A Better “Why” to Market

I started Keeping it Human because I knew that marketing could be so much better. It could be “human.” I came out of high-tech, and saw wonderful products being marketed in the most un-human ways. “Solutions, platforms, methodologies, disruptive technology…” It was all company-focused rather than focused on the human challenges customers face. It was full of jargon that didn’t matter. No one talked in simple, honest, or funny stories that honored people. Who says marketing can’t at times be funny? What drives me is a deep belief that there is a better way for customers and companies.

Now let’s try my marketing statement again with a focus on the “why.”

Keeping it Human challenges the status quo of company-focused, jargon-laden marketing that treats customers like “targets” with dollar signs on their backs instead of like people. We inject a human element into everything we do from creating products that solve human challenges to speaking in powerful human stories and narratives that move people to action. As a result, we improve profits and customer relationships while improving interactions for customers, too.

Better, right? The important thing is why you do what you do. What inspires you? People don’t buy what you do; they buy why you do it. You are selling to people who believe what you believe. And in that “why,” your audience sees themselves. It’s not about you – it’s about something much bigger.

Another great example is TOMS Shoes. TOMS’ entire model is about giving. They don’t just make shoes. What they do is fulfill a tremendous need by giving a pair of shoes to a child in a developing country for every pair of shoes sold. Buy one, give one is their motto. Their shoes aren’t the cheapest or best made shoes on the market. That is irrelevant, because people buy TOMS because they believe in the mission of the company. It’s the “why” that matters.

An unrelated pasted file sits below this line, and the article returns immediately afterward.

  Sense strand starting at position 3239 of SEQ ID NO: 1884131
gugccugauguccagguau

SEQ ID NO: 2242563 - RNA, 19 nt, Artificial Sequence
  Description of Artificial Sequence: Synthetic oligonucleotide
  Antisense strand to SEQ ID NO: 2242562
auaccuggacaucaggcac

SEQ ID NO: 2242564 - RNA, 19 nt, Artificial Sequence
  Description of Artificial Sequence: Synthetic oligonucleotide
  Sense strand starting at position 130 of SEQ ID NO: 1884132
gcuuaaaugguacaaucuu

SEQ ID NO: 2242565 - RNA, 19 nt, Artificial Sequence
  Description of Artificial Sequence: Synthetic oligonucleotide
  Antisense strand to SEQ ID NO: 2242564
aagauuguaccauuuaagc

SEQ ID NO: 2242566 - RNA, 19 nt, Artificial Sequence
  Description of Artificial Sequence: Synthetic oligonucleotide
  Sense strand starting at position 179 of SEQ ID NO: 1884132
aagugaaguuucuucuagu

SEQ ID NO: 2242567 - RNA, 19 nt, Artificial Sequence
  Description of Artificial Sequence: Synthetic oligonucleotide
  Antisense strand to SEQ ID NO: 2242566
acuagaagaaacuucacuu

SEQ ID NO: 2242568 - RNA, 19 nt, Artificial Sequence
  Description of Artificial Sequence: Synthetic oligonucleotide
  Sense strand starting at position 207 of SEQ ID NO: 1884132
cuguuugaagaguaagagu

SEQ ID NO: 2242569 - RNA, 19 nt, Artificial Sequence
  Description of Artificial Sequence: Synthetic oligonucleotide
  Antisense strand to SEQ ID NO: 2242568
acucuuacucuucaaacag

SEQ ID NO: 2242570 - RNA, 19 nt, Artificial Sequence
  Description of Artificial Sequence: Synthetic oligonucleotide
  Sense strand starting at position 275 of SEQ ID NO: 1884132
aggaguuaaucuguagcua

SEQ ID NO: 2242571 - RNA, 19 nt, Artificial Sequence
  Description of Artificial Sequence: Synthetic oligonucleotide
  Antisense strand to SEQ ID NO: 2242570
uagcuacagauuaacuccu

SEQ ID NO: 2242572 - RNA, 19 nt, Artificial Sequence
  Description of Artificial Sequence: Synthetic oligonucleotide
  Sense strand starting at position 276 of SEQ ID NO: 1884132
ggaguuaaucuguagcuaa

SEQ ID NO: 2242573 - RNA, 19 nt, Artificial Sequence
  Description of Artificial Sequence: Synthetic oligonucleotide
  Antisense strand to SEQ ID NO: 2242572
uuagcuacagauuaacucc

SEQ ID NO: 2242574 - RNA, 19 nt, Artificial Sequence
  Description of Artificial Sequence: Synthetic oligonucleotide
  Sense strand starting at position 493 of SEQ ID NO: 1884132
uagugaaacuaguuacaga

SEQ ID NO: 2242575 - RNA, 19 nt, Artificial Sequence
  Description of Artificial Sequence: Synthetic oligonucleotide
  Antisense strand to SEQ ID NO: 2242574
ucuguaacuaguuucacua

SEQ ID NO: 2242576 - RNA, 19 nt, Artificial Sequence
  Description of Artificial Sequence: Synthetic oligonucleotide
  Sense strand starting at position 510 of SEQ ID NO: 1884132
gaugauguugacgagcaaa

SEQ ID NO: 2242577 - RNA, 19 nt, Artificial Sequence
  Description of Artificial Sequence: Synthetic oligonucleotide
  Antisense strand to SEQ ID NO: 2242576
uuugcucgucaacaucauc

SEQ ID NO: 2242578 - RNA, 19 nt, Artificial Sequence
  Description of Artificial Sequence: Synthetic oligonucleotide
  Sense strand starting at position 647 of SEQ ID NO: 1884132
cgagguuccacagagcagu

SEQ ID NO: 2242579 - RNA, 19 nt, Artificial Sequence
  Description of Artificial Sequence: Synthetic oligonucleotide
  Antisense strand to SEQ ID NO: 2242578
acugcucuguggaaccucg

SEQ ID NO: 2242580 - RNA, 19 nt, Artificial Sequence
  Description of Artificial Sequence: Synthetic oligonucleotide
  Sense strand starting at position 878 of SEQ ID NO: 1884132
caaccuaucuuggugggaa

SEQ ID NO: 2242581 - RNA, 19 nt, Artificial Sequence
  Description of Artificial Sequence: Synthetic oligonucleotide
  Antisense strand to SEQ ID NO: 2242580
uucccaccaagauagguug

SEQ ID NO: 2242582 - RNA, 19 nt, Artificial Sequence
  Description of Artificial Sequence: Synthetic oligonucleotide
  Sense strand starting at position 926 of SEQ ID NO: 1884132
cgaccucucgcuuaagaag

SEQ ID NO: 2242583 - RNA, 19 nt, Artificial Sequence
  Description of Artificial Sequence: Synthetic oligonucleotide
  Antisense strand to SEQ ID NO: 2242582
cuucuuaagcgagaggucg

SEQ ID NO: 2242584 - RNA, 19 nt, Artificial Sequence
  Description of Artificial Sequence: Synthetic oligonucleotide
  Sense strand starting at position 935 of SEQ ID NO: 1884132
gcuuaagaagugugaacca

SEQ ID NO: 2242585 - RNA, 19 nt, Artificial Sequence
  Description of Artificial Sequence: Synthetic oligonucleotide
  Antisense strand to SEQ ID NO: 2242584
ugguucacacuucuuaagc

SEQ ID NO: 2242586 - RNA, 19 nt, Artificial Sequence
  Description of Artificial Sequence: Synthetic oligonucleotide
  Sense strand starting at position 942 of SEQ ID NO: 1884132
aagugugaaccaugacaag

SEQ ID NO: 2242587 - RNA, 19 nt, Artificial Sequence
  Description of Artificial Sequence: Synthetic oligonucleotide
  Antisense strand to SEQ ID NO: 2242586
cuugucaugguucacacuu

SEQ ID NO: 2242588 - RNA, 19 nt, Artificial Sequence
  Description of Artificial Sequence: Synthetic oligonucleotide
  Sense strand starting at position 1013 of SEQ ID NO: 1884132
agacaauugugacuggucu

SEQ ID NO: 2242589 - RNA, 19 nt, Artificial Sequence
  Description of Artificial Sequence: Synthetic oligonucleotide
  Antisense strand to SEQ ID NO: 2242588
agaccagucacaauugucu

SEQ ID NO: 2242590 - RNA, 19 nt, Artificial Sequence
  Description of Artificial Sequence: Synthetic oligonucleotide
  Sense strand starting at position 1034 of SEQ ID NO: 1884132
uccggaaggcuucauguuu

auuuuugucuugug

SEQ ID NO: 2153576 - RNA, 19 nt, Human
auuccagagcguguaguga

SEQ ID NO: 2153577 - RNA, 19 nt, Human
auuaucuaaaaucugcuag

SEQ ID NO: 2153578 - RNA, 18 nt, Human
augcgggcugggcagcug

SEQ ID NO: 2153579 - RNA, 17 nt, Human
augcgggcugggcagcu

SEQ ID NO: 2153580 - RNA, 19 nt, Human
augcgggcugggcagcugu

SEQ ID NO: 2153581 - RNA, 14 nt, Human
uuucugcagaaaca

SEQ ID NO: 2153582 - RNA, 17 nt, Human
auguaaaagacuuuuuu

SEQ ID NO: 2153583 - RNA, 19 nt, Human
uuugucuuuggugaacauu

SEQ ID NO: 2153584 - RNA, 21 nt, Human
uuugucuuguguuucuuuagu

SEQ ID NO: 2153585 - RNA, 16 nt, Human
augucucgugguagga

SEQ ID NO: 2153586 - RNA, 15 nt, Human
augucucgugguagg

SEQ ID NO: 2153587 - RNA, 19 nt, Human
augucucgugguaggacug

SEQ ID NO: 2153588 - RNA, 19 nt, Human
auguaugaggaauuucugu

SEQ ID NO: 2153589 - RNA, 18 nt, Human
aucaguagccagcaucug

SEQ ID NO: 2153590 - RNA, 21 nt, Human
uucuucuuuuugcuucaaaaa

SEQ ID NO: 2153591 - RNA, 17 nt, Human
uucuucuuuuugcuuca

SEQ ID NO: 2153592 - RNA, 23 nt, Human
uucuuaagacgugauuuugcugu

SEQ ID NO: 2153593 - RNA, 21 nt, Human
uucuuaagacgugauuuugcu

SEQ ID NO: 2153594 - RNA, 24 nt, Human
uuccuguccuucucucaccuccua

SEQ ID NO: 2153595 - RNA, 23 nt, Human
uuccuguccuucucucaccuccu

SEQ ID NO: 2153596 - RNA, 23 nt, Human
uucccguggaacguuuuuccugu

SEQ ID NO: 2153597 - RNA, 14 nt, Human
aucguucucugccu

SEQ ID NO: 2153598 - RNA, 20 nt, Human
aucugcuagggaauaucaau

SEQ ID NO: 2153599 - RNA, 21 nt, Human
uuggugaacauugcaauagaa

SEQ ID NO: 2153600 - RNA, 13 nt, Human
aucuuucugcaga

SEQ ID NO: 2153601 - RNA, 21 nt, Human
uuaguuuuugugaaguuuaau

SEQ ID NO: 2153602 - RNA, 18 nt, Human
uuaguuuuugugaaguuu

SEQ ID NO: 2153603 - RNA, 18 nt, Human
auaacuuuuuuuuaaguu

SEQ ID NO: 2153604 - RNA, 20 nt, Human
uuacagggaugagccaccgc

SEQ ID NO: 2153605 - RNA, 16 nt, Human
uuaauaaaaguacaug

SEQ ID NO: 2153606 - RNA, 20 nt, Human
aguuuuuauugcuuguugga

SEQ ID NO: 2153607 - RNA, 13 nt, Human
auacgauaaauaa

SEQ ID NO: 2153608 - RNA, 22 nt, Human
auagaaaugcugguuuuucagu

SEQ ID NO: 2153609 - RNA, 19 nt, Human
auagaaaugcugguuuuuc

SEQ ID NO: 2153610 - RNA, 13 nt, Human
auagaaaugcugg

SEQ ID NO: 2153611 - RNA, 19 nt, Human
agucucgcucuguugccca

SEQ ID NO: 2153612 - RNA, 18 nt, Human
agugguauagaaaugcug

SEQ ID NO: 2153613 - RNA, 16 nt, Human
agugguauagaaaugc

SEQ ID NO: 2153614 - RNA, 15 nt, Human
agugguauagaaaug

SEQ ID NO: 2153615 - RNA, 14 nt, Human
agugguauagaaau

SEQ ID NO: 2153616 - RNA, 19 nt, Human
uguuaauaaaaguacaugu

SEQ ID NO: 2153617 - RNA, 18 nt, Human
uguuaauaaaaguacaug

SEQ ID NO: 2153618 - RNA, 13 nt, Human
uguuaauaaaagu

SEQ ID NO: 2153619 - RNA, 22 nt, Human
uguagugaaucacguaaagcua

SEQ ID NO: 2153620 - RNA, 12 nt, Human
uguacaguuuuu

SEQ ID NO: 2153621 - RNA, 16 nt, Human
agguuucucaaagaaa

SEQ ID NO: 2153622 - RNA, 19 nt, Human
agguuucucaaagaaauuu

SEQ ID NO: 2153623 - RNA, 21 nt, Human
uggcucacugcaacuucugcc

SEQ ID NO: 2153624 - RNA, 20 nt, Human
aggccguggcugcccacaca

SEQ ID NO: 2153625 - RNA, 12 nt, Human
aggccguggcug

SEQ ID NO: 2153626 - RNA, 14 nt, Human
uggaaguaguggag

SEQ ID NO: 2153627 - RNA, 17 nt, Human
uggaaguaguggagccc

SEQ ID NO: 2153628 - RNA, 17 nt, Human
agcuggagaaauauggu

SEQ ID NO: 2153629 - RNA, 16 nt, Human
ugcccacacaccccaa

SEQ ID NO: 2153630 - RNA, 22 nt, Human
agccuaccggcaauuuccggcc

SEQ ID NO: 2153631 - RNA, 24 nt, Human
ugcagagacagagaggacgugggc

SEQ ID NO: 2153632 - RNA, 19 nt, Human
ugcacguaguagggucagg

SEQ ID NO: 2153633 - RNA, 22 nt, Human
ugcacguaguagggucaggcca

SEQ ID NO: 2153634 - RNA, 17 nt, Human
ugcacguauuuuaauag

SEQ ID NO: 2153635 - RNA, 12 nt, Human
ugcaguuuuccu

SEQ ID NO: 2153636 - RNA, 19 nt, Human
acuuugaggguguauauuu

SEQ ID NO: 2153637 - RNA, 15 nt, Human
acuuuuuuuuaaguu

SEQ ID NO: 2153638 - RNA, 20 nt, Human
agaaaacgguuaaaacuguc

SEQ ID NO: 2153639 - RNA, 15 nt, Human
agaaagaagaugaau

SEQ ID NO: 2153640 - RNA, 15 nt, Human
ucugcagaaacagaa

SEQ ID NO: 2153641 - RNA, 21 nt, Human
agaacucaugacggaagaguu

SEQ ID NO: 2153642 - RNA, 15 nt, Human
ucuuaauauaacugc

Zappos is another powerful illustration of “why.” Zappos isn’t about the merchandise you can buy. You can likely find better deals elsewhere. That’s not the point. Tony Hsieh started Zappos because his mission was all about providing the best possible customer service and customer experience possible for online shopping. In fact, he started the company with this mission before he decided what merchandise to sell! There are great examples of “why” in every industry, including technology. “Think Different,” is Apple’s why. This drives Apple’s commitment to quality, user-friendly, and easy-to-use products.